Monthly Archives: April 2007

Golden Links (Chicago Reader blog post, 2007)

Golden links

Posted By on 04.29.07 at 09:48 AM


As more and more buried treasures have been brought to light on the Internet, half a dozen recent finds seem especially worthy of notice:

1. We still don’t have access to the original version of John Cassavetes’ Shadows after critic Ray Carney tracked down the only existing print and showed a video of it twice at the Rotterdam Film Festival in early 2004. I was lucky enough to see it at the time, and even though I regard it more as a fascinating and historically important curiosity than as a lost masterpiece, I agree with Carney, and disagree with Cassavetes’ widow, Gena Rowlands, that it should be available to the general public. In the meantime, however, Carney has posted three clips of this version on his website (scroll down a bit). What he’s made available is only a little over four and a half minutes from the film, and Carney’s name and URL are stamped on every frame, but it’s still enough to give one a taste of Charlie Mingus’s eccentric original score (especially during the credit sequence) — and enough to support Carney’s thesis that this is a finished film, flaws and all, and not a mere work print.

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Spider-man 3

Even longer than its predecessors, 3 piles on the series’s usual comedy scenes and action sequences while adding some black slime from outer space and a few new actors (Thomas Haden Church, Topher Grace) to the more familiar faces (Tobey Maguire, Kirsten Dunst, James Franco, J.K. Simmons, Rosemary Harris). And a pile is what it feels like, especially when two superheroes ultimately join forces to defeat three supervillains. Given how bogus the movie is whenever it departs from formula, it’s not surprising that the funniest bit (in which Peter Parker becomes a disco smoothie) is stolen from Jerry Lewis’s The Nutty Professor or that the best special effects, involving a gigantic Sandman, dimly echo King Kong. Director Sam Raimi tries to pump some life into this dutiful enterprise but seems more than a little bored himself, especially when he’s getting mushy about Spider-Man’s moral decline and regeneration. PG-13, 140 min. (JR) Read more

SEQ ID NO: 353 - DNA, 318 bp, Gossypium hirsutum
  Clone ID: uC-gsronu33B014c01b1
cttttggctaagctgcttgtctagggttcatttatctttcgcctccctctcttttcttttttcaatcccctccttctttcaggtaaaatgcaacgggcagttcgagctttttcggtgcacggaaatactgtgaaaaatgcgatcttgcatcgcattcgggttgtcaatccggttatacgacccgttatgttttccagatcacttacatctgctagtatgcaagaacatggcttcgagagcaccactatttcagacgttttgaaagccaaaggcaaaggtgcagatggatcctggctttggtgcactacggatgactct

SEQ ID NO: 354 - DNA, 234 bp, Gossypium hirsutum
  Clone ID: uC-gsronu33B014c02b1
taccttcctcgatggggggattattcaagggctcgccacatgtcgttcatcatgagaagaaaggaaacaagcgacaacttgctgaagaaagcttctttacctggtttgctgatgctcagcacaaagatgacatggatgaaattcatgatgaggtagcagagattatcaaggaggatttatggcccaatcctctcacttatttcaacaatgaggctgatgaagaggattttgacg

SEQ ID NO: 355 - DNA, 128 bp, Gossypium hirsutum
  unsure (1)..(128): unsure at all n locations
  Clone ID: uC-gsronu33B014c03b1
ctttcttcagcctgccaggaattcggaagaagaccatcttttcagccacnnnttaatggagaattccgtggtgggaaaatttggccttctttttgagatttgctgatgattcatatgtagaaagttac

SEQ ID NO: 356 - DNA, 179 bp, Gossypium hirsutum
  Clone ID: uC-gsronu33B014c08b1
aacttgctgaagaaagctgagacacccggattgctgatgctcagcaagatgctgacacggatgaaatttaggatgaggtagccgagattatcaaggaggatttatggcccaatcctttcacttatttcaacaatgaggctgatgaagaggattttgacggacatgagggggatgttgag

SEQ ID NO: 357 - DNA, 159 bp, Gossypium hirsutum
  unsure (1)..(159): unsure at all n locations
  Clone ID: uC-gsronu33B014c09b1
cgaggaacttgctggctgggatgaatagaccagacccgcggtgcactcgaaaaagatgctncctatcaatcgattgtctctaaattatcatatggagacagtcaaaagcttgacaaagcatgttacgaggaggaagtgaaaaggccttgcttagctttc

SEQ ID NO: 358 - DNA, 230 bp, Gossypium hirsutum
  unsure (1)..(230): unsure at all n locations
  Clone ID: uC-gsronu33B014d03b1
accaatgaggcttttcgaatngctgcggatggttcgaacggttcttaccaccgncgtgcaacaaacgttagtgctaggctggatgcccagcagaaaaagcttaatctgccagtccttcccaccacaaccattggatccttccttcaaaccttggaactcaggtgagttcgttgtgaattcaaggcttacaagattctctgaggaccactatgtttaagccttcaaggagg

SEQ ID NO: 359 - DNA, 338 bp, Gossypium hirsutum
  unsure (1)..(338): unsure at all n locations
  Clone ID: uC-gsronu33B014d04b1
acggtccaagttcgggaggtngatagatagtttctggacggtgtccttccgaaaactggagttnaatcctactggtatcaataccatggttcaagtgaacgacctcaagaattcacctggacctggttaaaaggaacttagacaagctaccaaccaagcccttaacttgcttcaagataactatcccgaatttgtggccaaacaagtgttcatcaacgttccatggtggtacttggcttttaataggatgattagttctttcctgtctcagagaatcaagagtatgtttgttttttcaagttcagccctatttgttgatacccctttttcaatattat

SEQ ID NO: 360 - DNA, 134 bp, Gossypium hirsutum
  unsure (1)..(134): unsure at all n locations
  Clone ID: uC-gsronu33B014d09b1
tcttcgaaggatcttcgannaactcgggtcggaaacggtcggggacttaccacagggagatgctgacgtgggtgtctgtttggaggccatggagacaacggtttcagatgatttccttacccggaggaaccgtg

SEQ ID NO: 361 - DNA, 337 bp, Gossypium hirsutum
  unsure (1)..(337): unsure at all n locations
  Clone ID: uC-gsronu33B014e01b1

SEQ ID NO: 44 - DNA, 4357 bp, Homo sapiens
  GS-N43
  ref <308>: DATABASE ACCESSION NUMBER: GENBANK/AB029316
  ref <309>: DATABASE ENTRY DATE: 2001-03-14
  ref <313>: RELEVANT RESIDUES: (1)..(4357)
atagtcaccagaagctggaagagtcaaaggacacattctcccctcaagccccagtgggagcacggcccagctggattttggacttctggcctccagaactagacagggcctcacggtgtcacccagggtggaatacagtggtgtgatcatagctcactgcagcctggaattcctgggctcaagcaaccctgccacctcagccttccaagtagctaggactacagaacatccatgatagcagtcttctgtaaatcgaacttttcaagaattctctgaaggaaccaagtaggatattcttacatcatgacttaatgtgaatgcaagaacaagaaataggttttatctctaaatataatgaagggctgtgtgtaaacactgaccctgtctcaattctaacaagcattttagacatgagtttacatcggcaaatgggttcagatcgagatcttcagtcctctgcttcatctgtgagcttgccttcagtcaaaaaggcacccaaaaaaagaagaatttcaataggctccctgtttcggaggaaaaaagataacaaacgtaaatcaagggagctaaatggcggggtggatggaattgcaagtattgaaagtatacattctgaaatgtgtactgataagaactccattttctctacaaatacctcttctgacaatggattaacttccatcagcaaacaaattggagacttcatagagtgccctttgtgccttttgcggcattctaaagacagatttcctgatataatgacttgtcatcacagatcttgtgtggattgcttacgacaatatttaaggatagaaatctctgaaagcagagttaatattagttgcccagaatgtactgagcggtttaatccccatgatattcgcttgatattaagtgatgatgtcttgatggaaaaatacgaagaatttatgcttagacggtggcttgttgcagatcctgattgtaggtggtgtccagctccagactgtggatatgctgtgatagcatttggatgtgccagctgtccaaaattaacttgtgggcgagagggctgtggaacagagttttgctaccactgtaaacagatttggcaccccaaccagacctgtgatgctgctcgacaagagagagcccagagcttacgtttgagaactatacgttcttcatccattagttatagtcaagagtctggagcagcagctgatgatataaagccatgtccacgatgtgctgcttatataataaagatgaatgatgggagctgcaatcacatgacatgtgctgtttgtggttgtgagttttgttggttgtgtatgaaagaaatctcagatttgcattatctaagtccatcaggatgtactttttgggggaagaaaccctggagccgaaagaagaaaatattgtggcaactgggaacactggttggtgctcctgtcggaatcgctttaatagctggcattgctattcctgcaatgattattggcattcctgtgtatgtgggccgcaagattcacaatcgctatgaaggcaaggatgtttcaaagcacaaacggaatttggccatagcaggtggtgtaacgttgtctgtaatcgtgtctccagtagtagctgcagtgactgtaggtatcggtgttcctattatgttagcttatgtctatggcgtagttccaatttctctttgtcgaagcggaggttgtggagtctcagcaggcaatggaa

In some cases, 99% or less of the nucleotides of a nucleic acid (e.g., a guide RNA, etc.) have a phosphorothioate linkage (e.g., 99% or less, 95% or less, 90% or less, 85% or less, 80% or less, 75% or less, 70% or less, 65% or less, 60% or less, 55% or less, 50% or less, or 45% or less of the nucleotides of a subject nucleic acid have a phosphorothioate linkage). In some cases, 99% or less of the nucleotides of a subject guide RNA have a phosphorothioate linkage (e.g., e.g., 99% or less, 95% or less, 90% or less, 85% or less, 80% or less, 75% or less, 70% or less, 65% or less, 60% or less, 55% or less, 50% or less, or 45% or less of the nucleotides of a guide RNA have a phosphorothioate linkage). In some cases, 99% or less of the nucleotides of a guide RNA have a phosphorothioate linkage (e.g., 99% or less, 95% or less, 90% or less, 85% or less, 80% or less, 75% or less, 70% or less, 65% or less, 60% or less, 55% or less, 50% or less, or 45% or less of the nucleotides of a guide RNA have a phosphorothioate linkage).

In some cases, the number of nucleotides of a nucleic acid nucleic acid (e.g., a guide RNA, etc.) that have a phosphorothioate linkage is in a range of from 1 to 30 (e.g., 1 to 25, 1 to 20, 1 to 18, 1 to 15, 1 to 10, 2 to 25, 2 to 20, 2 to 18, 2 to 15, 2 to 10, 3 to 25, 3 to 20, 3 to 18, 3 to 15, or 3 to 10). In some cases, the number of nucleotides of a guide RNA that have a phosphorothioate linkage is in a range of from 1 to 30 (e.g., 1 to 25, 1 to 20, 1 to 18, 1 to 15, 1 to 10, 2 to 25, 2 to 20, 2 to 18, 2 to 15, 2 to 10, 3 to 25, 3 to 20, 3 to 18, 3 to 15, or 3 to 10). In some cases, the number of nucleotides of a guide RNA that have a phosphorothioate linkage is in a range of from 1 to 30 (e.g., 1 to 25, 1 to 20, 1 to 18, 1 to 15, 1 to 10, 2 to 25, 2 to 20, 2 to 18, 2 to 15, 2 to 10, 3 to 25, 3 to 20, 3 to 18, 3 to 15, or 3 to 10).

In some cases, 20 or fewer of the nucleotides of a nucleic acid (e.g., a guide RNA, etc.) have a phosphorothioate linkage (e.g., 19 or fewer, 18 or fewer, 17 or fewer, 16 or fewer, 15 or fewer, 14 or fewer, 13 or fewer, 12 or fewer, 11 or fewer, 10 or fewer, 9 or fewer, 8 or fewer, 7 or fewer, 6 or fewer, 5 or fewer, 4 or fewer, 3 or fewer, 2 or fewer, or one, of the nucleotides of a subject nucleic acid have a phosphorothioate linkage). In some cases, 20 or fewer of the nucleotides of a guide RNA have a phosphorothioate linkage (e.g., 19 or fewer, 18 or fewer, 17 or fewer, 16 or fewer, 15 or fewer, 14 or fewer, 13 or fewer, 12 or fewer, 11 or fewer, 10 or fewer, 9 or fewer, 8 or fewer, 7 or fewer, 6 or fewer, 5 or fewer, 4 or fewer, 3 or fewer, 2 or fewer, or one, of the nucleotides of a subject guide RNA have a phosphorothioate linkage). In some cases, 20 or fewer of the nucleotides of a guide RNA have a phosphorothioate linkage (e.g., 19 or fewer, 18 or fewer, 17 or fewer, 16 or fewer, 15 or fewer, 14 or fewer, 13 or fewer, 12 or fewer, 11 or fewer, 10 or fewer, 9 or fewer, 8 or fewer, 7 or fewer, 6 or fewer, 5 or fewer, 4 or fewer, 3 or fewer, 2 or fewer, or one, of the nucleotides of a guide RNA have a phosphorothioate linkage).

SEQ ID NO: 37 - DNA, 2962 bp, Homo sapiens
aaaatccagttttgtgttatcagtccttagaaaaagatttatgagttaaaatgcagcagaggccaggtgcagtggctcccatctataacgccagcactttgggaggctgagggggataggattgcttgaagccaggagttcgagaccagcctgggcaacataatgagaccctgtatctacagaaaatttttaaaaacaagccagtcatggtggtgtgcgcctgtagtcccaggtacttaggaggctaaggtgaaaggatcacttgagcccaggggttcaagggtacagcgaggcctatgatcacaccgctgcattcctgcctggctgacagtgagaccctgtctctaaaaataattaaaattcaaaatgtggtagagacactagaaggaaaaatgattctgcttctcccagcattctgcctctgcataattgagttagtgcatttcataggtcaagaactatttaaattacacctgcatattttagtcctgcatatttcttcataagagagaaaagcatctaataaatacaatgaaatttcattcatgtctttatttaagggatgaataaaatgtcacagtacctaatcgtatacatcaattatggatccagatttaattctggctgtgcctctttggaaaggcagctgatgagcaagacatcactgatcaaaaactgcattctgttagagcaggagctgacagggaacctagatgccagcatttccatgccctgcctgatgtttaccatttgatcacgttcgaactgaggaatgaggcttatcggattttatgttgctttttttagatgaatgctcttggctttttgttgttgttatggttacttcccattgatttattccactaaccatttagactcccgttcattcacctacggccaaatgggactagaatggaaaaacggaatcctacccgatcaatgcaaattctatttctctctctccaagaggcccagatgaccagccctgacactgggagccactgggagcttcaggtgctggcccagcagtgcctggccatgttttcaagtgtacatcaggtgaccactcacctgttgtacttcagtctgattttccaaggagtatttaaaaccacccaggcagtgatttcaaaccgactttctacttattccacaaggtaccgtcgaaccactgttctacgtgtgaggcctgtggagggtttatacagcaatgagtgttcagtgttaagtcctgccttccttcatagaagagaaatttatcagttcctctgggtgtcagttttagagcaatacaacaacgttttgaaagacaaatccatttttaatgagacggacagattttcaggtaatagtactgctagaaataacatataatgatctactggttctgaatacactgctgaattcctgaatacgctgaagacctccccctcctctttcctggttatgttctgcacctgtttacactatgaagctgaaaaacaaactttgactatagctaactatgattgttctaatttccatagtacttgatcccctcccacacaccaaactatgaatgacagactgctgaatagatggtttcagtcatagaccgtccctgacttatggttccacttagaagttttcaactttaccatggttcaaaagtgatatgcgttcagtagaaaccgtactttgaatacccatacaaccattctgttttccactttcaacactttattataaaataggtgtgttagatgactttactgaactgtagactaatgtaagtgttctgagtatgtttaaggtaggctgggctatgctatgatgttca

Set on the south shore of Long Island in 1976, around the time of the Ford-Carter presidential debates (which are glimpsed on TV), this smart and sensitive 2006 feature focuses on the social milieu of young clam diggers whose profession is getting phased out by a corporation. Director Katherine Dieckmann, a former film critic at the Village Voice, has also made music videos and one earlier feature (A Good Baby), and she has a good feeling for the period and the characters’ sexual attitudes and interactions. Ken Marino, who plays the silliest of the diggers, wrote the script, and when it isn’t straining after elegiac moments, it’s fresh and unpredictable. With Paul Rudd, Lauren Ambrose, Ron Eldard, Josh Hamilton, Sarah Paulson, and Maura Tierney. R, 90 min. (JR) Read more

Kickin’ It Old Skool

A gifted young breakdancer (Jamie Kennedy) cracks his head during a competition and goes into a 20-year coma; after coming to, he has to catch up with the times and reclaim his former sweetheart (Maria Menounos) from her scuzzball fiance (Michael Rosenbaum). Joining forces with his old pals (Miguel A. Nunez Jr., Bobby Lee, Aris Alvarado), he enters another competition. About eight minutes of this comedy is devoted to some terrific breakdancing; the rest consists of wall-to-wall product placement and politically incorrect bad-taste comedy (a homeless geezer pissing on himself and others, the hero vomiting Mexican food on another dancer). PG-13, 108 min. (JR) Read more

The Invisible